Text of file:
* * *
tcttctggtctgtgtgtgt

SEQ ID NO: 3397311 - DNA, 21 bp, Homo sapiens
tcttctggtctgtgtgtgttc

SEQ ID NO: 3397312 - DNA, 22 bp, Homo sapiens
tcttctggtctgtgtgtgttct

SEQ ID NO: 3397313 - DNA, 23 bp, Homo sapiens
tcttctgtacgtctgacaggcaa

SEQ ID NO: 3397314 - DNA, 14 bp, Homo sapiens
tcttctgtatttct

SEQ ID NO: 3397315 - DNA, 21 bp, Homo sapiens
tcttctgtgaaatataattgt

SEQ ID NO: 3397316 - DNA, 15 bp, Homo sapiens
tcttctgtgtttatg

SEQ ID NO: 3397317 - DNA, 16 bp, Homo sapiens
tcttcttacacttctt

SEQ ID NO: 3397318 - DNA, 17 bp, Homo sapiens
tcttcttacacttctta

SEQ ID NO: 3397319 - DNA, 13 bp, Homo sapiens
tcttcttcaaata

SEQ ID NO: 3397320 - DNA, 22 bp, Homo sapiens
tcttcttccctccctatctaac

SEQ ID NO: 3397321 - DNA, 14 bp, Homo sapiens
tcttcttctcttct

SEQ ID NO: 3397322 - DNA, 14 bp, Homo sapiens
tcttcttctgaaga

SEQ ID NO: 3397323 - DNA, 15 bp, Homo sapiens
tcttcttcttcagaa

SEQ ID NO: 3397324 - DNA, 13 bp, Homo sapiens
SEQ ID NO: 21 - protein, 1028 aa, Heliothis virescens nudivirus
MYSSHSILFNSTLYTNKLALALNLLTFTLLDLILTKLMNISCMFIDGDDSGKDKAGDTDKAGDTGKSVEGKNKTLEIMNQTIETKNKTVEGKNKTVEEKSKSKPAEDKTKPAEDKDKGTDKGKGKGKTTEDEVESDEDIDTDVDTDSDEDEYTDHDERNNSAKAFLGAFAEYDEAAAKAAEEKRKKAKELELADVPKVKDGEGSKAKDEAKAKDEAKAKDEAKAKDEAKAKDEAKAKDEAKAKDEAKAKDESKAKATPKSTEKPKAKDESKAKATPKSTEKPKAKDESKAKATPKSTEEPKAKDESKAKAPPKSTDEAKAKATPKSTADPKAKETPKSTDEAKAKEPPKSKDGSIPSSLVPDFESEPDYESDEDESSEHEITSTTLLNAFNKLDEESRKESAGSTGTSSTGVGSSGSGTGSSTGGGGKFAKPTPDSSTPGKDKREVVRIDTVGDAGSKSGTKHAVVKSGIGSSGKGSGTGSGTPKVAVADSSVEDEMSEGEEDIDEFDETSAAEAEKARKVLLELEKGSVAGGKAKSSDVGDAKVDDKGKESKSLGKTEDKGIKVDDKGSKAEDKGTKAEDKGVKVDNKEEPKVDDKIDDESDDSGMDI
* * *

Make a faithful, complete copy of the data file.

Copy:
tcttctggtctgtgtgtgt

SEQ ID NO: 3397311 - DNA, 21 bp, Homo sapiens
tcttctggtctgtgtgtgttc

SEQ ID NO: 3397312 - DNA, 22 bp, Homo sapiens
tcttctggtctgtgtgtgttct

SEQ ID NO: 3397313 - DNA, 23 bp, Homo sapiens
tcttctgtacgtctgacaggcaa

SEQ ID NO: 3397314 - DNA, 14 bp, Homo sapiens
tcttctgtatttct

SEQ ID NO: 3397315 - DNA, 21 bp, Homo sapiens
tcttctgtgaaatataattgt

SEQ ID NO: 3397316 - DNA, 15 bp, Homo sapiens
tcttctgtgtttatg

SEQ ID NO: 3397317 - DNA, 16 bp, Homo sapiens
tcttcttacacttctt

SEQ ID NO: 3397318 - DNA, 17 bp, Homo sapiens
tcttcttacacttctta

SEQ ID NO: 3397319 - DNA, 13 bp, Homo sapiens
tcttcttcaaata

SEQ ID NO: 3397320 - DNA, 22 bp, Homo sapiens
tcttcttccctccctatctaac

SEQ ID NO: 3397321 - DNA, 14 bp, Homo sapiens
tcttcttctcttct

SEQ ID NO: 3397322 - DNA, 14 bp, Homo sapiens
tcttcttctgaaga

SEQ ID NO: 3397323 - DNA, 15 bp, Homo sapiens
tcttcttcttcagaa

SEQ ID NO: 3397324 - DNA, 13 bp, Homo sapiens
SEQ ID NO: 21 - protein, 1028 aa, Heliothis virescens nudivirus
MYSSHSILFNSTLYTNKLALALNLLTFTLLDLILTKLMNISCMFIDGDDSGKDKAGDTDKAGDTGKSVEGKNKTLEIMNQTIETKNKTVEGKNKTVEEKSKSKPAEDKTKPAEDKDKGTDKGKGKGKTTEDEVESDEDIDTDVDTDSDEDEYTDHDERNNSAKAFLGAFAEYDEAAAKAAEEKRKKAKELELADVPKVKDGEGSKAKDEAKAKDEAKAKDEAKAKDEAKAKDEAKAKDEAKAKDEAKAKDESKAKATPKSTEKPKAKDESKAKATPKSTEKPKAKDESKAKATPKSTEEPKAKDESKAKAPPKSTDEAKAKATPKSTADPKAKETPKSTDEAKAKEPPKSKDGSIPSSLVPDFESEPDYESDEDESSEHEITSTTLLNAFNKLDEESRKESAGSTGTSSTGVGSSGSGTGSSTGGGGKFAKPTPDSSTPGKDKREVVRIDTVGDAGSKSGTKHAVVKSGIGSSGKGSGTGSGTPKVAVADSSVEDEMSEGEEDIDEFDETSAAEAEKARKVLLELEKGSVAGGKAKSSDVGDAKVDDKGKESKSLGKTEDKGIKVDDKGSKAEDKGTKAEDKGVKVDNKEEPKVDDKIDDESDDSGMDI